FOR IMMEDIATE RELEASE
Columbia, S.C. — A subcommittee of the Senate Medical Affairs Committee gave the “Right to Try” bill (S.929) a unanimous 5-0 vote today, picking up a new co-sponsor in the process. Senator Joel Lourie (D-Richland) signed onto the bill sponsored by Senator Paul Campbell (R-Berkeley) and Senator Danny Verdin (R-Laurens).
“Right to Try” is a bipartisan movement sweeping the country to allow terminally ill patients access to possibly life-saving experimental drugs that have passed the initial safety test by the Food & Drug Administration (Phase 1 of 3 FDA phases) but are not yet available for physicians to prescribe. The patient, the drug company and the patient’s physician must jointly consent to use of the drug. “Right to Try” offers a new path beyond the small number (1,000 nationwide) of patients who are approved for “compassionate use” each year.
Testifying in the hearing today were Palmetto Promise Institute Senior Fellow Dr. Oran Smith and Goldwater Institute attorney Kurt Altman. Altman was a part of the Goldwater team that drafted the original bill that has passed into law in 24 states and has been introduced in 12 additional states this year.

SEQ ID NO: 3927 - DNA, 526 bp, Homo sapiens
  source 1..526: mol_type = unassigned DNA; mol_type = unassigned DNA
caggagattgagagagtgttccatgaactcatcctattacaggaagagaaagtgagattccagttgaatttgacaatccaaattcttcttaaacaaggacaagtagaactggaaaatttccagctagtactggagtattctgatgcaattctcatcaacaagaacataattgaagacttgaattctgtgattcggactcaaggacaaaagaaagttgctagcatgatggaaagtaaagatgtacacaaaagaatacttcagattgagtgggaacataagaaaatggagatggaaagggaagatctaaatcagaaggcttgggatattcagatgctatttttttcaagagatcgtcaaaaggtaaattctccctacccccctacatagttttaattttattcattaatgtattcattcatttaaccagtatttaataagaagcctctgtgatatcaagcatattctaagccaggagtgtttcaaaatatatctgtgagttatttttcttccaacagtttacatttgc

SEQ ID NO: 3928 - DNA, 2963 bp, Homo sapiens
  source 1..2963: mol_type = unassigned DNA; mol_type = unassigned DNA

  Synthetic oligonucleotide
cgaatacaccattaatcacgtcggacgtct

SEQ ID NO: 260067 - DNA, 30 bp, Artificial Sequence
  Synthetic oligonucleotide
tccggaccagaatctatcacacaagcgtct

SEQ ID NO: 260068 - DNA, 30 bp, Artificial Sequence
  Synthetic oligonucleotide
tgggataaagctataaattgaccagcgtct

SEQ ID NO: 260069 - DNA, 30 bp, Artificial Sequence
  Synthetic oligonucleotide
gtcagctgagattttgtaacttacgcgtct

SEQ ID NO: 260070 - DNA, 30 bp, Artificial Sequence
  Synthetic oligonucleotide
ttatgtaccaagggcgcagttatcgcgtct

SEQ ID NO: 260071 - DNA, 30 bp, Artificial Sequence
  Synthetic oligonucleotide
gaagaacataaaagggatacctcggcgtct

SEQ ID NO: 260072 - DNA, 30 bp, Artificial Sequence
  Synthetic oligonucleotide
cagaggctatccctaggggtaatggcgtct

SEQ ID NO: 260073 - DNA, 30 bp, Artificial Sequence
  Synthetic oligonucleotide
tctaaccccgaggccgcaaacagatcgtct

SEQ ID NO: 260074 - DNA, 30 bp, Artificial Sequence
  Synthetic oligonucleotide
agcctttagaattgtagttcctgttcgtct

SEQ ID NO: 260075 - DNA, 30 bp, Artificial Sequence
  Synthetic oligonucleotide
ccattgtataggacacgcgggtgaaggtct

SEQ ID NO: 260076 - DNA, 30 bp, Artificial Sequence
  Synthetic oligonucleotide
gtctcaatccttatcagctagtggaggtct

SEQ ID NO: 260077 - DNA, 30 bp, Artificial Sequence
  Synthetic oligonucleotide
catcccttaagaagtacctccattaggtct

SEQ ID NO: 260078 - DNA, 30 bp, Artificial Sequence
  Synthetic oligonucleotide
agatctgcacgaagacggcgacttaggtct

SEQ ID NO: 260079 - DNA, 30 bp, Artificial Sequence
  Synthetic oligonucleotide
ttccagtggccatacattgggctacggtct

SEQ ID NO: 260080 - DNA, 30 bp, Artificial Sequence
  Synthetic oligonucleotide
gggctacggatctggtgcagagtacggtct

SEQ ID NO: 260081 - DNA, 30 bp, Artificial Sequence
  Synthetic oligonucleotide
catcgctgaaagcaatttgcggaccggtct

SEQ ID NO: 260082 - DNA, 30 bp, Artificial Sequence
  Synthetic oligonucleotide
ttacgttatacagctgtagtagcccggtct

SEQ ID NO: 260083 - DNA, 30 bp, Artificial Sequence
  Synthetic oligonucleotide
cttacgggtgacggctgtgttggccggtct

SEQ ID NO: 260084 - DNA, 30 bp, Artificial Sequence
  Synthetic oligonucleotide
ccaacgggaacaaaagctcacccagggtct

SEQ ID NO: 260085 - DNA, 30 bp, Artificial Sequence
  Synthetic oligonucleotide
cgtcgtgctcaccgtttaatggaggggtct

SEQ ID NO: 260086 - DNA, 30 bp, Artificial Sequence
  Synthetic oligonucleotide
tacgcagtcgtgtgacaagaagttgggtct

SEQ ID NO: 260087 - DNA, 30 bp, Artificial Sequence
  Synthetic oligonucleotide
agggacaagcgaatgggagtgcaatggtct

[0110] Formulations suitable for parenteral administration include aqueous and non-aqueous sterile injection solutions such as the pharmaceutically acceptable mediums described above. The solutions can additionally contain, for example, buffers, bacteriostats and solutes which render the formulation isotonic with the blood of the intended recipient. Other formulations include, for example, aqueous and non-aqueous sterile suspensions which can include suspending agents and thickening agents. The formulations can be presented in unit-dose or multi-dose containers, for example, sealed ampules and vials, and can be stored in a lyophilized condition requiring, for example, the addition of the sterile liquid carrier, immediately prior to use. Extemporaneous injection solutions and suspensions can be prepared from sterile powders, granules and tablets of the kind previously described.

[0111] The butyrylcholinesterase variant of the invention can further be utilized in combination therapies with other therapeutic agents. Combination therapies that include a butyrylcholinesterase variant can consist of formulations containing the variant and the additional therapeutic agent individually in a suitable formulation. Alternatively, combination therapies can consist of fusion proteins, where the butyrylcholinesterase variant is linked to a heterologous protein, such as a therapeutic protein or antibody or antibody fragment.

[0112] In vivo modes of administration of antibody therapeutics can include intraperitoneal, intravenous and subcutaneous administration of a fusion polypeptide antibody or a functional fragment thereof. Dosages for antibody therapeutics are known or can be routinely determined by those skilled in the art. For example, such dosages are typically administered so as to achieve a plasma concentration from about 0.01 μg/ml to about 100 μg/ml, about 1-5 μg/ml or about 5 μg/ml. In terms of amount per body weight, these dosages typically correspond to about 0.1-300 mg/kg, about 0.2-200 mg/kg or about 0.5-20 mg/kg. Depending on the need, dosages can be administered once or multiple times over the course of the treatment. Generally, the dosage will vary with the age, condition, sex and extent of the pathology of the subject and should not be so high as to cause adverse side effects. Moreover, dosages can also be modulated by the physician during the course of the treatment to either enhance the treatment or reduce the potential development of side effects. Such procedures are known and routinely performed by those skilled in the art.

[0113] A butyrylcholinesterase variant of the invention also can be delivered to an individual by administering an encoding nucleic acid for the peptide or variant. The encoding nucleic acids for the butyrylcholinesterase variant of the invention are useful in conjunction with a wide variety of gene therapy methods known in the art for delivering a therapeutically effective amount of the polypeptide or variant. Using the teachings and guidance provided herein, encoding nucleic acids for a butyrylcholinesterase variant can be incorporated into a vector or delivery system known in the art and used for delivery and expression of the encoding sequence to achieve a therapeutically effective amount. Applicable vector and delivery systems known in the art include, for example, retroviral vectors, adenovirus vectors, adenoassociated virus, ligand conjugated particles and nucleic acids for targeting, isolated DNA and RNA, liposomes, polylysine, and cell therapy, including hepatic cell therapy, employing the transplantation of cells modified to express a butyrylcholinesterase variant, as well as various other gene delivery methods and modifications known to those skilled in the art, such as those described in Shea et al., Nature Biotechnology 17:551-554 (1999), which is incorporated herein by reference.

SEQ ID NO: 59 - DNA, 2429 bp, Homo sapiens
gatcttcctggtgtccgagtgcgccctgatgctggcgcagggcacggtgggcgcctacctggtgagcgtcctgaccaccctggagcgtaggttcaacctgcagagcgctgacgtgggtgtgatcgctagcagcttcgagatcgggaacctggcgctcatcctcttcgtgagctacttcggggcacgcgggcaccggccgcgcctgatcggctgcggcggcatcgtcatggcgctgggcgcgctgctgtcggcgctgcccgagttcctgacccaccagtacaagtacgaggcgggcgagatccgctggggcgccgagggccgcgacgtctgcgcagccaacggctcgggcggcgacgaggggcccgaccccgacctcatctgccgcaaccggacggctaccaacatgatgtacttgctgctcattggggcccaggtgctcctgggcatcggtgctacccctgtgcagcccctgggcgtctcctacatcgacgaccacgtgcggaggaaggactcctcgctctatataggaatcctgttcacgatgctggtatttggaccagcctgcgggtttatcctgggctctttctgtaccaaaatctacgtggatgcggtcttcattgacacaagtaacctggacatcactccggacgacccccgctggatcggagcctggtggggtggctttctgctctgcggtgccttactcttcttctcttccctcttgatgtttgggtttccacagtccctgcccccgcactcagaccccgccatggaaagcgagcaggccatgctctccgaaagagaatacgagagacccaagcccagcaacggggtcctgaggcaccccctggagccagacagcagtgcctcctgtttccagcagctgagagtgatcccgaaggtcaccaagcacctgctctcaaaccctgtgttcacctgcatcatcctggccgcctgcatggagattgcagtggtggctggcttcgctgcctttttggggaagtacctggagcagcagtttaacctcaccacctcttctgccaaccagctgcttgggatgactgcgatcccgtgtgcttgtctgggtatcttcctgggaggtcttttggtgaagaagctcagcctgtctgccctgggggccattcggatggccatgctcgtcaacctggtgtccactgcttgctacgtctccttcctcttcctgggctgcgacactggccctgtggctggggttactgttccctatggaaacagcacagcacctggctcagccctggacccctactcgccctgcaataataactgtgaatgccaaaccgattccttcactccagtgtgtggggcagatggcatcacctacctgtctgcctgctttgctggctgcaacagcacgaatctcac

“In the wake of the shootings in Charleston last summer, we are looking at a legislative session in an entirely different way,” Dr. Smith told the committee. “’Right to Try’ is an example of working in the legislative process to put hurting people first—perhaps those who are hurting worst—terminally ill South Carolinians. We are thrilled to be the point organization in South Carolina for ‘Right to Try.’”
The Goldwater Institute puts it this way: “The FDA says providing dying people with investigational medications should be an exception. We think it should be the rule. People fighting for their lives should have access to medicines that could save them without needing a permission slip from the government.”
A vote in the full Senate Medical Affairs Committee could come as soon as next week. A House bill (H.4542), sponsored by Rep. Cezar McNight (D-Williamsburg) has been introduced as well and is expected to be assigned to a subcommittee hearing soon.